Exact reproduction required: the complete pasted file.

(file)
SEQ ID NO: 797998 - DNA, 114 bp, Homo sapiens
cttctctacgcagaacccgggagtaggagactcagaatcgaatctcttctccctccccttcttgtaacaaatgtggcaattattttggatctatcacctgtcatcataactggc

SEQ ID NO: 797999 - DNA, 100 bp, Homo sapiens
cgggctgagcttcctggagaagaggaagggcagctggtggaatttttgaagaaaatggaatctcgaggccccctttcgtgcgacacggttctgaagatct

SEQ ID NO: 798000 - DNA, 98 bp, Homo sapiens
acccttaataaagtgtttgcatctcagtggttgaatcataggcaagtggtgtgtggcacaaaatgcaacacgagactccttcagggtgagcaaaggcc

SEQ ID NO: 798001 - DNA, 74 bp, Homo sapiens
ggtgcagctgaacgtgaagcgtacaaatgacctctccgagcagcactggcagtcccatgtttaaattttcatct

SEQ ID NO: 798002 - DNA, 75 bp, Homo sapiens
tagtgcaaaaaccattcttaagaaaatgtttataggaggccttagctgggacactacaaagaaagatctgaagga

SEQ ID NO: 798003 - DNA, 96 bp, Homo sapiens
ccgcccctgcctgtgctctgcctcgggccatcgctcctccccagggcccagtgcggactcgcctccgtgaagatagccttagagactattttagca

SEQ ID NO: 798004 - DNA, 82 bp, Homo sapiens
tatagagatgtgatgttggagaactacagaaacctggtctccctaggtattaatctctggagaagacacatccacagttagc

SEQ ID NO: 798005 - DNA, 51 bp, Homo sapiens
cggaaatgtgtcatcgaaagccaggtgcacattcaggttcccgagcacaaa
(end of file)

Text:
SEQ ID NO: 797998 - DNA, 114 bp, Homo sapiens
cttctctacgcagaacccgggagtaggagactcagaatcgaatctcttctccctccccttcttgtaacaaatgtggcaattattttggatctatcacctgtcatcataactggc

SEQ ID NO: 797999 - DNA, 100 bp, Homo sapiens
cgggctgagcttcctggagaagaggaagggcagctggtggaatttttgaagaaaatggaatctcgaggccccctttcgtgcgacacggttctgaagatct

SEQ ID NO: 798000 - DNA, 98 bp, Homo sapiens
acccttaataaagtgtttgcatctcagtggttgaatcataggcaagtggtgtgtggcacaaaatgcaacacgagactccttcagggtgagcaaaggcc

SEQ ID NO: 798001 - DNA, 74 bp, Homo sapiens
ggtgcagctgaacgtgaagcgtacaaatgacctctccgagcagcactggcagtcccatgtttaaattttcatct

SEQ ID NO: 798002 - DNA, 75 bp, Homo sapiens
tagtgcaaaaaccattcttaagaaaatgtttataggaggccttagctgggacactacaaagaaagatctgaagga

SEQ ID NO: 798003 - DNA, 96 bp, Homo sapiens
ccgcccctgcctgtgctctgcctcgggccatcgctcctccccagggcccagtgcggactcgcctccgtgaagatagccttagagactattttagca

SEQ ID NO: 798004 - DNA, 82 bp, Homo sapiens
tatagagatgtgatgttggagaactacagaaacctggtctccctaggtattaatctctggagaagacacatccacagttagc

SEQ ID NO: 798005 - DNA, 51 bp, Homo sapiens
cggaaatgtgtcatcgaaagccaggtgcacattcaggttcccgagcacaaa